The shower controls themselves are one of the few areas where we are not making compromises. No, we're not going all water bandit on you, splurging on a ridiculous shower with a hundred body sprays and an enormous "rain" head; we're just getting something beautiful. We both love thermostatic shower controls (one control for volume, one for temperature: set the temperature once and you only need to adjust a little for a perfect shower every time), and I wanted a Steampunk-ish Edwardian look. We wanted a hand-held option for washing dogs, even though we'll be converting the downstairs tub into a dog wash. I guess this way we can each wash a dog, and get them both clean in half the time.

Shower controls

Yes, that's a horrible picture, scaled up from a fuzzy, too-small photo. How about this:

Steampunk shower controls

Now that, my friends, is all about crazy early 20thc. plumbing. Sure, it blows the budget out of the water, but I always say to spend your money on the things you touch the most often.

For flooring, we're thinking of just painting the wooden floors with high-gloss floor paint. They'll need some cleaning up, and the wide cracks will need filling, but that's the cheapest and most effective way I can think of to make a decent floor. I'm open to other options, of course.

One of the other good ideas we had for the downstairs bathroom, given that that will be used by guests, is an indicator lock. (Currently none of our bathrooms have any kind of lock at all, and the one functioning bathroom doesn't even have a latch on the door. It'll be nice to not have that edge of anxiety about being walked in on when there are visitors in the house.)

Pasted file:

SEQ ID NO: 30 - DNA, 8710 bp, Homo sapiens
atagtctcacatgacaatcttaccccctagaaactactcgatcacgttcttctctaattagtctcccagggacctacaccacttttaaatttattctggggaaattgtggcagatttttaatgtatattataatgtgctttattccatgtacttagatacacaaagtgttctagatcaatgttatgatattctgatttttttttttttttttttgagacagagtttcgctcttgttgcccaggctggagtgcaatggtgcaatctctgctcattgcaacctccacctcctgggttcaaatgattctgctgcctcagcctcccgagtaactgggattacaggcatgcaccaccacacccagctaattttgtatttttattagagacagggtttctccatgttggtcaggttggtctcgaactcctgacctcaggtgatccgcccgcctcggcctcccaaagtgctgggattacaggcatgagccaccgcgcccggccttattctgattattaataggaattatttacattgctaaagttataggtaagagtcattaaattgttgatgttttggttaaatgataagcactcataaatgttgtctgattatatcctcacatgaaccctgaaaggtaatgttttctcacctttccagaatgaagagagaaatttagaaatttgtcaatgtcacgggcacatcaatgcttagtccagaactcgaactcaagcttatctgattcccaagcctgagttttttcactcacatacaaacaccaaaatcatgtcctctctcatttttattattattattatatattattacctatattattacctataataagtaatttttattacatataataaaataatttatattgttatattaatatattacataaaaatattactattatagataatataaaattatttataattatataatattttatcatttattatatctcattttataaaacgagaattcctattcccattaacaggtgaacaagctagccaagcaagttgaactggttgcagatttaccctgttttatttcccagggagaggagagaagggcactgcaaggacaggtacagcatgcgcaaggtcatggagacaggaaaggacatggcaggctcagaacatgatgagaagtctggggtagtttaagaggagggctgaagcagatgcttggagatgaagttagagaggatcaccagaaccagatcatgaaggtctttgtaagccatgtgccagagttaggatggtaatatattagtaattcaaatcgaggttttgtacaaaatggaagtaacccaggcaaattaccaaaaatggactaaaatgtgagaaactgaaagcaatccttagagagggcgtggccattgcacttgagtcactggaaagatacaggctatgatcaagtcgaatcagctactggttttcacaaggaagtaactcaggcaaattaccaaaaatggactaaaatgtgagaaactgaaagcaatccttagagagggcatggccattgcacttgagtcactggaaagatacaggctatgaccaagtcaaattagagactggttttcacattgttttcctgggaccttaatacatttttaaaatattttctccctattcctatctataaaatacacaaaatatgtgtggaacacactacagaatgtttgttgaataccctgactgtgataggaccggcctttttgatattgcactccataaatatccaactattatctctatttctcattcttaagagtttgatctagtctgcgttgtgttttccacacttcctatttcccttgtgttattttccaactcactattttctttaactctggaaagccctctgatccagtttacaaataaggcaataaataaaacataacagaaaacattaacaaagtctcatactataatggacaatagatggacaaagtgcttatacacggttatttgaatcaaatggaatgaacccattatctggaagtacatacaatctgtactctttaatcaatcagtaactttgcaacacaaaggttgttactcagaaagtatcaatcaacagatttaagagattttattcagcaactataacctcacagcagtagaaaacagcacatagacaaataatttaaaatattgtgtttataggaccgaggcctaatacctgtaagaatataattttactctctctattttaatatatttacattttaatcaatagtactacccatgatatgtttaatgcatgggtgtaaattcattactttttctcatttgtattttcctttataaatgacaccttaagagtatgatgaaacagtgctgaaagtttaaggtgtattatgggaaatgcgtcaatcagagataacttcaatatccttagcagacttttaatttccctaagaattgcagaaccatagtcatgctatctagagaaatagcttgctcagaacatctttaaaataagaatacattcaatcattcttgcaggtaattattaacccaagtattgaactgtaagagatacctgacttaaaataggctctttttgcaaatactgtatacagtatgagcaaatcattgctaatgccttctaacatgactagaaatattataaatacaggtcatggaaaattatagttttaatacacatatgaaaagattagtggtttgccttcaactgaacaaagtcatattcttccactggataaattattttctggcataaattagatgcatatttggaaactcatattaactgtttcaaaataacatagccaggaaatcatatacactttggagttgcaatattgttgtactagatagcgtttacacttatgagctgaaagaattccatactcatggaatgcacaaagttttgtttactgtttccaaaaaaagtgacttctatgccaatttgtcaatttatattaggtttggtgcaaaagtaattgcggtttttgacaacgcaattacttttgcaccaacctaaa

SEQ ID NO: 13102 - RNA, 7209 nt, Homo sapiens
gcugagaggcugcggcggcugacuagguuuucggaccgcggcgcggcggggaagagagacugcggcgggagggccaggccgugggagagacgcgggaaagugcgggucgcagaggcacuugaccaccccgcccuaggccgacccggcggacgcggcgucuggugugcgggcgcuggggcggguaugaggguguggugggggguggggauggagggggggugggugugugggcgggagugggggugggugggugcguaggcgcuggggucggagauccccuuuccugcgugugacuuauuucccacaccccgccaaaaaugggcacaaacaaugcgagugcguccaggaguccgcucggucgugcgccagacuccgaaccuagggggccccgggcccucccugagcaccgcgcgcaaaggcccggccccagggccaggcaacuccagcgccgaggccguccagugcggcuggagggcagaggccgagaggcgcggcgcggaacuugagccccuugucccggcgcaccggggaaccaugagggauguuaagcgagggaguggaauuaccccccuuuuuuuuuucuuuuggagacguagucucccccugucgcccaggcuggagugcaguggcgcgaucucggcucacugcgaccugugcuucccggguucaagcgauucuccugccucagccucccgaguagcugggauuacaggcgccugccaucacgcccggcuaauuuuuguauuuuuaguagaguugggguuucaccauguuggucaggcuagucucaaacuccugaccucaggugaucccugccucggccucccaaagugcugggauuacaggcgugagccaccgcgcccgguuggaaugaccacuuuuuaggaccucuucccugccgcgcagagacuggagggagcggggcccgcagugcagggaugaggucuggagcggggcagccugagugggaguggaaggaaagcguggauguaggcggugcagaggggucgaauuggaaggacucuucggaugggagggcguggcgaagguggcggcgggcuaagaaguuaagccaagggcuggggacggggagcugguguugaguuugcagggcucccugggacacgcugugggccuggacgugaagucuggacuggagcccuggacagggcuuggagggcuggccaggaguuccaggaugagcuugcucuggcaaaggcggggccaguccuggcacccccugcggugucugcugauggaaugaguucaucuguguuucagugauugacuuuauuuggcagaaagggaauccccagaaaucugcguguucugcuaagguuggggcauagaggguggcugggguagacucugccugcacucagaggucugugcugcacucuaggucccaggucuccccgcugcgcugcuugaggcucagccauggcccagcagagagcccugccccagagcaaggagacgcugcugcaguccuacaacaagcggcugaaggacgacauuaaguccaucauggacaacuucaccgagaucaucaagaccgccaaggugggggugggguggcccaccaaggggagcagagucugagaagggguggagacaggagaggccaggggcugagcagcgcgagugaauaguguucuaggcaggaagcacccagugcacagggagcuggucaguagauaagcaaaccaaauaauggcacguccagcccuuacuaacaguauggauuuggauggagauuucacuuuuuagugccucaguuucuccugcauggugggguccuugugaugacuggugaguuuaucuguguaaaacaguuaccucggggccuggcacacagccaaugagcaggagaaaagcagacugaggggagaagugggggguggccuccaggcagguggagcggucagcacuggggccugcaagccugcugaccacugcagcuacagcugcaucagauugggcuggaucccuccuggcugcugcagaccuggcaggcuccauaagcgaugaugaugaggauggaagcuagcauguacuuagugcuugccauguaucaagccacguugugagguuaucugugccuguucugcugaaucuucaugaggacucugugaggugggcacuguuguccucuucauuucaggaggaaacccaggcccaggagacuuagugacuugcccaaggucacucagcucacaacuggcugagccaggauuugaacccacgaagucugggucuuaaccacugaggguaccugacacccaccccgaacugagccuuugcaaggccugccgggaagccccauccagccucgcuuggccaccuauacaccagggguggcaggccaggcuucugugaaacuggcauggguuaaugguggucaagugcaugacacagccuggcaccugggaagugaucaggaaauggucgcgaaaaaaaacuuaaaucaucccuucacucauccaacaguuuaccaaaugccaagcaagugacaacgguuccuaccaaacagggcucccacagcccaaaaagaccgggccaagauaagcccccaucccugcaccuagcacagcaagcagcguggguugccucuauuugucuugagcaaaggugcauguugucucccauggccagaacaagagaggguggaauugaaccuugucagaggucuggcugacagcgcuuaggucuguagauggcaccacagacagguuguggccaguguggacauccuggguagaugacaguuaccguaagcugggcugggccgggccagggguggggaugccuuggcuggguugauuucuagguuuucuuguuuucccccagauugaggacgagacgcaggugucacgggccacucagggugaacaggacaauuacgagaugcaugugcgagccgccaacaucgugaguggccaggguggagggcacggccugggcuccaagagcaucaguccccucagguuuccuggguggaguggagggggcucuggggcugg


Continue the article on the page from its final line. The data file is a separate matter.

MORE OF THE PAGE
Schlage indicator bolt

So you don't have to try the door or knock to see if the room is occupied, of course. The only one I can find mass-produced in the US is this one, made by Schlage; I've found several in the UK, but nothing really has the somewhat classier look I'd like, since this will be in our main downstairs hallway. I'm still looking for a fancier version that isn't done as a custom run; I will go that route if I need to, but I'd rather not.

As for room colours, upstairs will remain shiny white, while downstairs, which is currently Barbie pink and fake wood panels, will go dark and mysterious. I'm thinking maybe burgundy, or a warm charcoal gray. I want something dark and sophisticated, because it's a small room that is never going to feel expansive, and it has no windows. Thoughts?